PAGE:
| Korean Chipmakers Seek to Reverse DRAM Price Decline
June 10, 1998 (SEOUL) -- Korean microchip producers, which make
about 40 percent of the world's DRAM (dynamic random access memory)
chips, have begun to take action to reverse the sharp decline in
|However, analysts say that the impact of the reduction in Korean
memory chip output will be limited to temporary psychological
Samsung Electronics Co., Ltd. the world's largest DRAM maker,
announced on June 8 a shut-down of its domestic production lines in
the period of June 14 through June 20. The seven-day suspension
will affect all of its memory chip and most non-memory activities,
and will be its largest production cut since the market slowdown
began in 1996.
The company's move will translate into a more than 25 percent cut in
its DRAM output. "This is expected to have a strong psychological
effect on the market and help turn prices around," a company
Analysts assert that the impact will be short-lived, in the light of
the huge glut in the global DRAM industry.
"It may give a psychological boost to prices, but the move is likely
to provide only temporary relief," said Jeon Byung-soo, a
microelectronics analyst at Daewoo Securities Co.
Concern is growing that the scaling-down of Korean operations could
give rivals in the United States and Taiwan an opportunity to
increase their market shares.
Operating conditions for DRAM makers have gone from bad to worse in
recent months. DRAM spot prices have declined dramatically so far
this year. The average export price of Korean DRAM devices has
fallen 48.6 percent in the first quarter from the year before,
according to the ministry.
Samsung's announcement followed a similar move by Hyundai
Electronics Industries Co., Ltd. to shut down its domestic DRAM
fabrication lines for a one-week period in early June, with a goal
of slashing its DRAM supply by about 10 percent. LG Semicon Co.,
Ltd. is expected to follow suit as well.
The concerted effort by the Korean trio, which is unprecedented, is
seen as the beginning of a shift in their strategies from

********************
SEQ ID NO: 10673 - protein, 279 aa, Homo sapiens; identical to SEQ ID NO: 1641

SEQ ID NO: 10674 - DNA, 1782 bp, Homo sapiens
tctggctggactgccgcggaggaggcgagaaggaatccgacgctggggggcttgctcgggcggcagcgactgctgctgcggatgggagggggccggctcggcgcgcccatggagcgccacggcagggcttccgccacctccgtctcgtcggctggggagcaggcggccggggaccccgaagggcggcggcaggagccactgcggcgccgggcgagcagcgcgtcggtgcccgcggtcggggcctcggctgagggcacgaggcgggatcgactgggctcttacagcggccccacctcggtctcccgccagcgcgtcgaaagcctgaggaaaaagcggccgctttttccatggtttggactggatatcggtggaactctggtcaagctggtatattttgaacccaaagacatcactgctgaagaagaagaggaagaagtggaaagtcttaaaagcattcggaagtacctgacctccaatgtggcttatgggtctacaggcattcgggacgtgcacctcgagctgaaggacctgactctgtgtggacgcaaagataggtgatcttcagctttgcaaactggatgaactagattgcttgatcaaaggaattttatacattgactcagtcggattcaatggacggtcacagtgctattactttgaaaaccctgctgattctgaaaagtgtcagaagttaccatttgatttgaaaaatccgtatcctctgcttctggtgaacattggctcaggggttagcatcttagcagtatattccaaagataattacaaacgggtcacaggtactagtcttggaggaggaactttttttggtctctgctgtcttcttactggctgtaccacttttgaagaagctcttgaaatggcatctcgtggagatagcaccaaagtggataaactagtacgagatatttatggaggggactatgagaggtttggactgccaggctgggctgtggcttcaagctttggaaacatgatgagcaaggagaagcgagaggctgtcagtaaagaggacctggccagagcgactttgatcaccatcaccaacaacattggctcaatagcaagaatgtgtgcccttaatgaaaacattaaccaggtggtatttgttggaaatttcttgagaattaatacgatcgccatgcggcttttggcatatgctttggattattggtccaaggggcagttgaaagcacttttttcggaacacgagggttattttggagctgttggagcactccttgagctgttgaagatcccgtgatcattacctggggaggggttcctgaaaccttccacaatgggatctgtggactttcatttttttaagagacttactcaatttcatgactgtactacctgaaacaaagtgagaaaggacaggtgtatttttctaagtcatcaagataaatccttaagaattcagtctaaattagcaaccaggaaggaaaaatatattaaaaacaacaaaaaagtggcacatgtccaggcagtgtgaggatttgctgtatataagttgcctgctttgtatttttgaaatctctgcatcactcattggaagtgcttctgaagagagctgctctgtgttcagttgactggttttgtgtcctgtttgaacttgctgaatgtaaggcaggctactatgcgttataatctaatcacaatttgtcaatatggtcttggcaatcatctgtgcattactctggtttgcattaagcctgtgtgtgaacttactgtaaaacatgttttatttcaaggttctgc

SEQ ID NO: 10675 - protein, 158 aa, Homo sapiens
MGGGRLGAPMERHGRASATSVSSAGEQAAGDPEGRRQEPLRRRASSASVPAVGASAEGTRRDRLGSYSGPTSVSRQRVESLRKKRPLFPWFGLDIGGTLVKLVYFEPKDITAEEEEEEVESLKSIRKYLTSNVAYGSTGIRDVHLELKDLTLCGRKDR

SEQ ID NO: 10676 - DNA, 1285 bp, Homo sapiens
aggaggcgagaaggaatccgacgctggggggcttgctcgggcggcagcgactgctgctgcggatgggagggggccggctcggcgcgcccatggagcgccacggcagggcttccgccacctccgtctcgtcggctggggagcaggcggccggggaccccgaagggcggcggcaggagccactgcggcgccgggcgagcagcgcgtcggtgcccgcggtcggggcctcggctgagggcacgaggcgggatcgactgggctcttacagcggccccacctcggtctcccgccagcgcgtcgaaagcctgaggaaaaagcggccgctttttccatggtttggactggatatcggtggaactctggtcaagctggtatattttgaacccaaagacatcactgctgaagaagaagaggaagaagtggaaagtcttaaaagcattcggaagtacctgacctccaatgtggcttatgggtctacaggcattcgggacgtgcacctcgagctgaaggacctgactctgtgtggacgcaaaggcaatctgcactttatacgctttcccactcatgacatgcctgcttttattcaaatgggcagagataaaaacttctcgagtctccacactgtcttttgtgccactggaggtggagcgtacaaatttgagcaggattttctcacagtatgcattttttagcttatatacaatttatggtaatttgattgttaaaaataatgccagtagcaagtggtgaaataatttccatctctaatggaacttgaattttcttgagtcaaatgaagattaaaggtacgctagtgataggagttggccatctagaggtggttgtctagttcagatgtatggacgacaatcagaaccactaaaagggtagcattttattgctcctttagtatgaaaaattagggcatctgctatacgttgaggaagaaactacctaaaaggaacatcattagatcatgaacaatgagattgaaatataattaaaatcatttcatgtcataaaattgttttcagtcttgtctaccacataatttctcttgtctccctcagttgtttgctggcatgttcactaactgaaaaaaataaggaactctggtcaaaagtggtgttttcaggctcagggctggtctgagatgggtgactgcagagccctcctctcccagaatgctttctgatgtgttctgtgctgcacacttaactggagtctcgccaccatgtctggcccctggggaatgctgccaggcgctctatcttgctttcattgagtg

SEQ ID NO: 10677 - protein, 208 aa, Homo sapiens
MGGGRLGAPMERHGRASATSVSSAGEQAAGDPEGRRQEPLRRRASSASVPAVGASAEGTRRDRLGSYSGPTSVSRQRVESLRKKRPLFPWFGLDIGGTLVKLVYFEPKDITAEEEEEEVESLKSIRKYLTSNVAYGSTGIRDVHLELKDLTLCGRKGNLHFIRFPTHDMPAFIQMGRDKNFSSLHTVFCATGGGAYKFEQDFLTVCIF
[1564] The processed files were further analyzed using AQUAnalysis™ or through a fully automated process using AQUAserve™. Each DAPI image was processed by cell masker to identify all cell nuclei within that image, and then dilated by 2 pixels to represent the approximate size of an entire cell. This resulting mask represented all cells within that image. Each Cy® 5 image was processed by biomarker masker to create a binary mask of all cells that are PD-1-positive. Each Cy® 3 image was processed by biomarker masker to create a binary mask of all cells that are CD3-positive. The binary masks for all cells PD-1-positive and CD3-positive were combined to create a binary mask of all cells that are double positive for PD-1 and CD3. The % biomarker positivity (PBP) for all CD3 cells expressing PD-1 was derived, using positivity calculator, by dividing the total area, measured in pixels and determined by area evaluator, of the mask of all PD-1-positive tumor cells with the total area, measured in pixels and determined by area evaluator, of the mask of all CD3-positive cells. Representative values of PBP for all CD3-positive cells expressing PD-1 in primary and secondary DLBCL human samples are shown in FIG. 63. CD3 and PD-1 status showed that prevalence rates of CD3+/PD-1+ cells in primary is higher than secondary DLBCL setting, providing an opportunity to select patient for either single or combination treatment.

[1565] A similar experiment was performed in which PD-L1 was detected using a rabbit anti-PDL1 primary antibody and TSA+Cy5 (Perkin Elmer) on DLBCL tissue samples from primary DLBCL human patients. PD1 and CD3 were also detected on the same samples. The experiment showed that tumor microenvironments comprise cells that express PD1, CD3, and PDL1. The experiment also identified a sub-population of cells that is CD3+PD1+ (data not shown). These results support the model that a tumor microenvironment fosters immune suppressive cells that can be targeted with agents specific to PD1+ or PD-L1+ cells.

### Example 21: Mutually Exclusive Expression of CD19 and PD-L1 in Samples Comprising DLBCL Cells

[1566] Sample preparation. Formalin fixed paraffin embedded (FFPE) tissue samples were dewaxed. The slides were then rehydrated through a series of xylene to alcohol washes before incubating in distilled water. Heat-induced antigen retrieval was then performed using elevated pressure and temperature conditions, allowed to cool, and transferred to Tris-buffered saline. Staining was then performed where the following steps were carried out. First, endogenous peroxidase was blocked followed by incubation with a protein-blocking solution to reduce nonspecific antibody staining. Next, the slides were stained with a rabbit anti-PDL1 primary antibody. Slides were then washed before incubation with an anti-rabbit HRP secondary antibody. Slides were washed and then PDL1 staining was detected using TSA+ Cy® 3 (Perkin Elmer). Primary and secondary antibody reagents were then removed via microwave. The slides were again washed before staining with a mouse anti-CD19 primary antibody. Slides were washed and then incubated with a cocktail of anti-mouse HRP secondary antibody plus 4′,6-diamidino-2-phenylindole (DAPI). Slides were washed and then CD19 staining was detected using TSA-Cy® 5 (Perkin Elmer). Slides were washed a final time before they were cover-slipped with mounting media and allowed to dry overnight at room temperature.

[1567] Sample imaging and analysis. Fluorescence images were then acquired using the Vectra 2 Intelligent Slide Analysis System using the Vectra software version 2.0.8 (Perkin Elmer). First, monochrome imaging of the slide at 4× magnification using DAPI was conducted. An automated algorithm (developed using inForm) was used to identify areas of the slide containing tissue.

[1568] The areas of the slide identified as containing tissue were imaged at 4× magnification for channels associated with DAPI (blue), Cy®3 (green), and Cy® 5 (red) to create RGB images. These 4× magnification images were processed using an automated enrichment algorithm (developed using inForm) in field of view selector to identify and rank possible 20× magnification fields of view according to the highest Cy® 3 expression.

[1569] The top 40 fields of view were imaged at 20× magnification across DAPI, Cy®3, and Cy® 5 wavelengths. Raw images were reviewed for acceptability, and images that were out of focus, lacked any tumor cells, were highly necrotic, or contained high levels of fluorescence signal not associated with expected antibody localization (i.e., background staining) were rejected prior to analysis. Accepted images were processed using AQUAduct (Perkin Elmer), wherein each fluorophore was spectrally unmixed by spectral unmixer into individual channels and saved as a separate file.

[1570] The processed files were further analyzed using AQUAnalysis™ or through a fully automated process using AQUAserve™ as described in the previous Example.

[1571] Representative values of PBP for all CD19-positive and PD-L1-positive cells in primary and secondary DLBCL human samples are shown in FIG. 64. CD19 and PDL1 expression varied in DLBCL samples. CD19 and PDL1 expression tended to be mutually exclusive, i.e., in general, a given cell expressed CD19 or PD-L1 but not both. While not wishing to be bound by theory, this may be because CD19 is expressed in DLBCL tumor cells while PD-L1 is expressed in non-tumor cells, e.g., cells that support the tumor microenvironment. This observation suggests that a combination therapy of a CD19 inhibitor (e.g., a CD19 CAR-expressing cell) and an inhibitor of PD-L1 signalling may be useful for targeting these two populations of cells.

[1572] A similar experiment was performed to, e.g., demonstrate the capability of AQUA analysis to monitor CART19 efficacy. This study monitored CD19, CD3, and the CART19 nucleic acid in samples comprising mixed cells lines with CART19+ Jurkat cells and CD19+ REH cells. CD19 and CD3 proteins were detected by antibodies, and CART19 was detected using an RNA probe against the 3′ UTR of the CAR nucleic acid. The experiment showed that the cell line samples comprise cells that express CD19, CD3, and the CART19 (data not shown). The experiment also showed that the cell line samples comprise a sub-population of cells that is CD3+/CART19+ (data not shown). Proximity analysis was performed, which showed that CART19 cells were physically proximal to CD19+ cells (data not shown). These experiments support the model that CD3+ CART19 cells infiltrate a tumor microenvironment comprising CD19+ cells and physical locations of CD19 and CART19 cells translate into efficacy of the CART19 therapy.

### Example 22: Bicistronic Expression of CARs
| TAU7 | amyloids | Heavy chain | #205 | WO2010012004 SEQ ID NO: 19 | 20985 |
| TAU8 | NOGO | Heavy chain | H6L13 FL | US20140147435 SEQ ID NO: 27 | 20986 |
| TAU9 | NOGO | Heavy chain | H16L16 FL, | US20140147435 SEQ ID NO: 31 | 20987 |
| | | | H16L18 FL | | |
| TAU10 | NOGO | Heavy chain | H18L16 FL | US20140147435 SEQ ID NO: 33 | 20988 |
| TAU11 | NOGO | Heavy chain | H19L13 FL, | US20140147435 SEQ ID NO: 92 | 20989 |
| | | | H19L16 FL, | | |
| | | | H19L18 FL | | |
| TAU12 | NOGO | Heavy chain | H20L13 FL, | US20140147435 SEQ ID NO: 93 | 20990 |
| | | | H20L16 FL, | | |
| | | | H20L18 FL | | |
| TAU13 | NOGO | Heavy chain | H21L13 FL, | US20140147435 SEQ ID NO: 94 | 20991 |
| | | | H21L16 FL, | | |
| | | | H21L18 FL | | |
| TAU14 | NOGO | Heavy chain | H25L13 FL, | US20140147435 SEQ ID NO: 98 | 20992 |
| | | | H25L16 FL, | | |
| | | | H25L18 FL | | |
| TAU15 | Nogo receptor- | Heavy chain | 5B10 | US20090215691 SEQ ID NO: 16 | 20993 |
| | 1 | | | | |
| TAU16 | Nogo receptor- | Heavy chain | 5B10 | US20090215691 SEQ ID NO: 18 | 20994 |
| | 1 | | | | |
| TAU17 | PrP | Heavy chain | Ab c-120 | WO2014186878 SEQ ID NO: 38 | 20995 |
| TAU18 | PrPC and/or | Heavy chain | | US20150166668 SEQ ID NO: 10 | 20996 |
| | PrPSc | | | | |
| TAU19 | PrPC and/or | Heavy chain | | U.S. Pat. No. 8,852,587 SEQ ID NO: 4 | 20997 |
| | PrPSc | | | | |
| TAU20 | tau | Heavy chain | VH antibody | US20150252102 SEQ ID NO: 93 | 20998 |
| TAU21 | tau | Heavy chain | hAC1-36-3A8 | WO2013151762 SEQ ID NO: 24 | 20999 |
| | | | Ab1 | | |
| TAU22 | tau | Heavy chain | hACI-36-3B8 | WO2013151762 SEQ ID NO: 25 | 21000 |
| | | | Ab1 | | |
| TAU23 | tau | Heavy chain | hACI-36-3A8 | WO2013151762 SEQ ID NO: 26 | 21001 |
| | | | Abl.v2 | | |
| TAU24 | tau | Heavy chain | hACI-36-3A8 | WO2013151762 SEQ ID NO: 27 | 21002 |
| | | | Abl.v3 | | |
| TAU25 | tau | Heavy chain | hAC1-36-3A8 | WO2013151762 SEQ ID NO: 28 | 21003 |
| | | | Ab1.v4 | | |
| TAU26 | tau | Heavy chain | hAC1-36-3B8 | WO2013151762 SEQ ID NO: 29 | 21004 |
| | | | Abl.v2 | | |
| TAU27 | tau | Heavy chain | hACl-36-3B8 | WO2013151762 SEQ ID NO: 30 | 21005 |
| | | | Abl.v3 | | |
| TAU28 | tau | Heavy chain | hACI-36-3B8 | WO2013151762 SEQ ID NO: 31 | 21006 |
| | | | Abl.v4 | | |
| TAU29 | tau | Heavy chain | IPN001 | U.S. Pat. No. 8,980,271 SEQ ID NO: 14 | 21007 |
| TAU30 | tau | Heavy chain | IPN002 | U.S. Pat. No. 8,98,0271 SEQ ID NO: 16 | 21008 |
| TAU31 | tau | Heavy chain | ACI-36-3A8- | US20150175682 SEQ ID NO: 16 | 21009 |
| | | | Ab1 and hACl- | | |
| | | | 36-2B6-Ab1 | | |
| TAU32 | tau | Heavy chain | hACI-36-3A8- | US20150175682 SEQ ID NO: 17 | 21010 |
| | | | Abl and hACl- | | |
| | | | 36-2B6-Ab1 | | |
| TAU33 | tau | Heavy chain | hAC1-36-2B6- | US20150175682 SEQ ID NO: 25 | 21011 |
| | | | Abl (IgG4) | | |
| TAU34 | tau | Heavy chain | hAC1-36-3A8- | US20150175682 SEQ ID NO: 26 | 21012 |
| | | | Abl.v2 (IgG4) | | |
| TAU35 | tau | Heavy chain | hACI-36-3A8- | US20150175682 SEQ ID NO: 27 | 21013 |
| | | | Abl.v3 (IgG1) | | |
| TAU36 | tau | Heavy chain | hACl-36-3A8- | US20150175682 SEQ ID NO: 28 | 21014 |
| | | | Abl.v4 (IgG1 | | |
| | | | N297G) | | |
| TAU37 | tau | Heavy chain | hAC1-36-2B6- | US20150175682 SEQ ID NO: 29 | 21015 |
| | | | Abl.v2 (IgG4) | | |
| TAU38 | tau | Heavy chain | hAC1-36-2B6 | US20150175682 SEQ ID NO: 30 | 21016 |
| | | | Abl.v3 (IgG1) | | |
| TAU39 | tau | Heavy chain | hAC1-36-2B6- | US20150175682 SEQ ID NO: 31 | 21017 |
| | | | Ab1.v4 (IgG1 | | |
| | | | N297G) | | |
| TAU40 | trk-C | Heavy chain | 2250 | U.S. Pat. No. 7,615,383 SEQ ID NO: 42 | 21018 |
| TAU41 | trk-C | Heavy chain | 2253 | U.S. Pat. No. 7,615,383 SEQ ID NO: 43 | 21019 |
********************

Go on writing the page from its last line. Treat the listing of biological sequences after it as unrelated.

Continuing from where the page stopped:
domination of the commodity DRAM market to diversification into
high value-added segments, such as microprocessors and non-memory
The Korean government also is eager to see them move away from
excessive competition in the volatile DRAM market, which is now
seen as one of the reasons for the country's financial crisis.
Park Tae-young, minister of commerce, industry and energy, urged
microchip executives on May 28 to coordinate their export
strategies to avert another meltdown in the world DRAM market.
"The revitalization of the semiconductor industry holds the key to
overcoming the crisis," Park said, noting that microchip exports
account for 13 percent of all Korean exports.
At a meeting called by the Korea Semiconductor Industry Association,
the chip producers agreed to shift their investment toward non
In its recent forecasts, the Semiconductor Industry Association (SIA
) projected that worldwide chip sales would decline 1.8 percent to
US$134.6 billion in 1998.
Korean DRAM producers have even more worries. They have lost
considerable clout in global financing due to the nation's
financial crisis. Also, the yen's steep decline against the dollar
is adding to pressure on their profit margins.
The Korean firms have fewer options left. Non-memory businesses
could be one lasting hope for them. Hyundai, for example, plans to
restructure its semiconductor product line-up toward non-memory
technologies such as MPEG (moving picture experts group) chips, an
industry standard for digital video and audio compression, and to
CMOS (complementary metal oxide semiconductor), a manufacturing
process used to shrink electronic circuitry to smaller dimensions.
Hyundai said it is aiming to generate annual sales of US$200 million
in non-memory operations by 2000, doubling from some US$100 million
in such sales projected for 1999.
(James Lim, Asia BizTech Correspondent)